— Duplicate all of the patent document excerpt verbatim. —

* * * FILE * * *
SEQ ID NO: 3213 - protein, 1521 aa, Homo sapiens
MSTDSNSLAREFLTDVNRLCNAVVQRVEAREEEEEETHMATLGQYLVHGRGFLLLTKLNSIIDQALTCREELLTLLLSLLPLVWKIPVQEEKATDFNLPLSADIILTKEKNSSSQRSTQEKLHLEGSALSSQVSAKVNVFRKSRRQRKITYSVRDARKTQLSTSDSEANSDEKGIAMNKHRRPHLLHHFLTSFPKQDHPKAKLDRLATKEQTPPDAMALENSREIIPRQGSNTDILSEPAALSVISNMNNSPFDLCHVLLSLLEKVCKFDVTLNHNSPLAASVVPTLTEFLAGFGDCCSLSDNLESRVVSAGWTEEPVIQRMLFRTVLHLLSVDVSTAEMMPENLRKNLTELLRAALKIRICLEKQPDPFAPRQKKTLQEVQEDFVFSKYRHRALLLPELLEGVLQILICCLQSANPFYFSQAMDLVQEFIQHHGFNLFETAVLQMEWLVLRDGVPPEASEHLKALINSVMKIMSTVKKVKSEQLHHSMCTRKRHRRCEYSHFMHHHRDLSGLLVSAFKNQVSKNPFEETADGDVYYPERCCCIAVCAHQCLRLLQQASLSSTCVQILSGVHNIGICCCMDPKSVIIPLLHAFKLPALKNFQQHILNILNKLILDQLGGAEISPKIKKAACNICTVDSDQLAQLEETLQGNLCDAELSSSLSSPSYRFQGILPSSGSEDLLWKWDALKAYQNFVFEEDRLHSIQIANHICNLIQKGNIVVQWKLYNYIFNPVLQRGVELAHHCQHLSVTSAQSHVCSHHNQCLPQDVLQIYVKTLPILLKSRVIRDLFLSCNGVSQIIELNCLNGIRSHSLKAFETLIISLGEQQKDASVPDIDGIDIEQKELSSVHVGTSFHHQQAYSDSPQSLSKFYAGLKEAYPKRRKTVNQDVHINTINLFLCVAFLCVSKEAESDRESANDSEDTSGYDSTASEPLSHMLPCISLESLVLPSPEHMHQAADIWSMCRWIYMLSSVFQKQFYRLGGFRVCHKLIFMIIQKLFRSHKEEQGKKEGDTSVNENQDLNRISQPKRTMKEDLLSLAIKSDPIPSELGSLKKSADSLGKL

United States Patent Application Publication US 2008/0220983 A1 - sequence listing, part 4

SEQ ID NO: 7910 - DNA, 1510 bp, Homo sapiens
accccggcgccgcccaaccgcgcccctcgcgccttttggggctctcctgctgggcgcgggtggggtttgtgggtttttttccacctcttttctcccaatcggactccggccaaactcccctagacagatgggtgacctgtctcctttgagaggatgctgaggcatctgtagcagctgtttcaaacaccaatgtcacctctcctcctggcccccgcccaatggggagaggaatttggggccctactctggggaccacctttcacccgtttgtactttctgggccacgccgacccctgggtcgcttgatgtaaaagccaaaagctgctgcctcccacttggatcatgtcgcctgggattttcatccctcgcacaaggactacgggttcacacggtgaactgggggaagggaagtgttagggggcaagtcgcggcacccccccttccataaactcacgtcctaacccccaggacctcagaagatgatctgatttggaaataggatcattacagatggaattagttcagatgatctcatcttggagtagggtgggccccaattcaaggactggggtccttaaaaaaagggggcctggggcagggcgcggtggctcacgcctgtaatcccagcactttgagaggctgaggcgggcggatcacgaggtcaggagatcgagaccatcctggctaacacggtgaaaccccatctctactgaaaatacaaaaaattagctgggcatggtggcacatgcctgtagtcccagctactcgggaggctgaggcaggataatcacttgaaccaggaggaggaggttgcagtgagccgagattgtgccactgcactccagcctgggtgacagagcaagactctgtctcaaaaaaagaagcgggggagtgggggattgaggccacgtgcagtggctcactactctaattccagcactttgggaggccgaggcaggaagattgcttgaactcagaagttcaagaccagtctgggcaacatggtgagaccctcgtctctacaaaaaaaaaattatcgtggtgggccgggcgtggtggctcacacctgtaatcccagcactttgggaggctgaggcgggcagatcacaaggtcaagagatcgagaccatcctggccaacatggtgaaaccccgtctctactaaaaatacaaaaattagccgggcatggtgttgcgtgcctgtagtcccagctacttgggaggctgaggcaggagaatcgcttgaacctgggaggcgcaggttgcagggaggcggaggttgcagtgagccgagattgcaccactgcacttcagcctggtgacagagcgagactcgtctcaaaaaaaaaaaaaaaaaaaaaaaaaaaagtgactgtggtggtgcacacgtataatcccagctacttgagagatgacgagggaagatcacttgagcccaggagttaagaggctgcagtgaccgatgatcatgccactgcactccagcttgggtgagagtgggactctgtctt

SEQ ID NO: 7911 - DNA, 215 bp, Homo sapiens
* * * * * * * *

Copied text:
SEQ ID NO: 3213 - protein, 1521 aa, Homo sapiens
MSTDSNSLAREFLTDVNRLCNAVVQRVEAREEEEEETHMATLGQYLVHGRGFLLLTKLNSIIDQALTCREELLTLLLSLLPLVWKIPVQEEKATDFNLPLSADIILTKEKNSSSQRSTQEKLHLEGSALSSQVSAKVNVFRKSRRQRKITYSVRDARKTQLSTSDSEANSDEKGIAMNKHRRPHLLHHFLTSFPKQDHPKAKLDRLATKEQTPPDAMALENSREIIPRQGSNTDILSEPAALSVISNMNNSPFDLCHVLLSLLEKVCKFDVTLNHNSPLAASVVPTLTEFLAGFGDCCSLSDNLESRVVSAGWTEEPVIQRMLFRTVLHLLSVDVSTAEMMPENLRKNLTELLRAALKIRICLEKQPDPFAPRQKKTLQEVQEDFVFSKYRHRALLLPELLEGVLQILICCLQSANPFYFSQAMDLVQEFIQHHGFNLFETAVLQMEWLVLRDGVPPEASEHLKALINSVMKIMSTVKKVKSEQLHHSMCTRKRHRRCEYSHFMHHHRDLSGLLVSAFKNQVSKNPFEETADGDVYYPERCCCIAVCAHQCLRLLQQASLSSTCVQILSGVHNIGICCCMDPKSVIIPLLHAFKLPALKNFQQHILNILNKLILDQLGGAEISPKIKKAACNICTVDSDQLAQLEETLQGNLCDAELSSSLSSPSYRFQGILPSSGSEDLLWKWDALKAYQNFVFEEDRLHSIQIANHICNLIQKGNIVVQWKLYNYIFNPVLQRGVELAHHCQHLSVTSAQSHVCSHHNQCLPQDVLQIYVKTLPILLKSRVIRDLFLSCNGVSQIIELNCLNGIRSHSLKAFETLIISLGEQQKDASVPDIDGIDIEQKELSSVHVGTSFHHQQAYSDSPQSLSKFYAGLKEAYPKRRKTVNQDVHINTINLFLCVAFLCVSKEAESDRESANDSEDTSGYDSTASEPLSHMLPCISLESLVLPSPEHMHQAADIWSMCRWIYMLSSVFQKQFYRLGGFRVCHKLIFMIIQKLFRSHKEEQGKKEGDTSVNENQDLNRISQPKRTMKEDLLSLAIKSDPIPSELGSLKKSADSLGKL

United States Patent Application Publication US 2008/0220983 A1 - sequence listing, part 4

SEQ ID NO: 7910 - DNA, 1510 bp, Homo sapiens
accccggcgccgcccaaccgcgcccctcgcgccttttggggctctcctgctgggcgcgggtggggtttgtgggtttttttccacctcttttctcccaatcggactccggccaaactcccctagacagatgggtgacctgtctcctttgagaggatgctgaggcatctgtagcagctgtttcaaacaccaatgtcacctctcctcctggcccccgcccaatggggagaggaatttggggccctactctggggaccacctttcacccgtttgtactttctgggccacgccgacccctgggtcgcttgatgtaaaagccaaaagctgctgcctcccacttggatcatgtcgcctgggattttcatccctcgcacaaggactacgggttcacacggtgaactgggggaagggaagtgttagggggcaagtcgcggcacccccccttccataaactcacgtcctaacccccaggacctcagaagatgatctgatttggaaataggatcattacagatggaattagttcagatgatctcatcttggagtagggtgggccccaattcaaggactggggtccttaaaaaaagggggcctggggcagggcgcggtggctcacgcctgtaatcccagcactttgagaggctgaggcgggcggatcacgaggtcaggagatcgagaccatcctggctaacacggtgaaaccccatctctactgaaaatacaaaaaattagctgggcatggtggcacatgcctgtagtcccagctactcgggaggctgaggcaggataatcacttgaaccaggaggaggaggttgcagtgagccgagattgtgccactgcactccagcctgggtgacagagcaagactctgtctcaaaaaaagaagcgggggagtgggggattgaggccacgtgcagtggctcactactctaattccagcactttgggaggccgaggcaggaagattgcttgaactcagaagttcaagaccagtctgggcaacatggtgagaccctcgtctctacaaaaaaaaaattatcgtggtgggccgggcgtggtggctcacacctgtaatcccagcactttgggaggctgaggcgggcagatcacaaggtcaagagatcgagaccatcctggccaacatggtgaaaccccgtctctactaaaaatacaaaaattagccgggcatggtgttgcgtgcctgtagtcccagctacttgggaggctgaggcaggagaatcgcttgaacctgggaggcgcaggttgcagggaggcggaggttgcagtgagccgagattgcaccactgcacttcagcctggtgacagagcgagactcgtctcaaaaaaaaaaaaaaaaaaaaaaaaaaaagtgactgtggtggtgcacacgtataatcccagctacttgagagatgacgagggaagatcacttgagcccaggagttaagaggctgcagtgaccgatgatcatgccactgcactccagcttgggtgagagtgggactctgtctt

SEQ ID NO: 7911 - DNA, 215 bp, Homo sapiens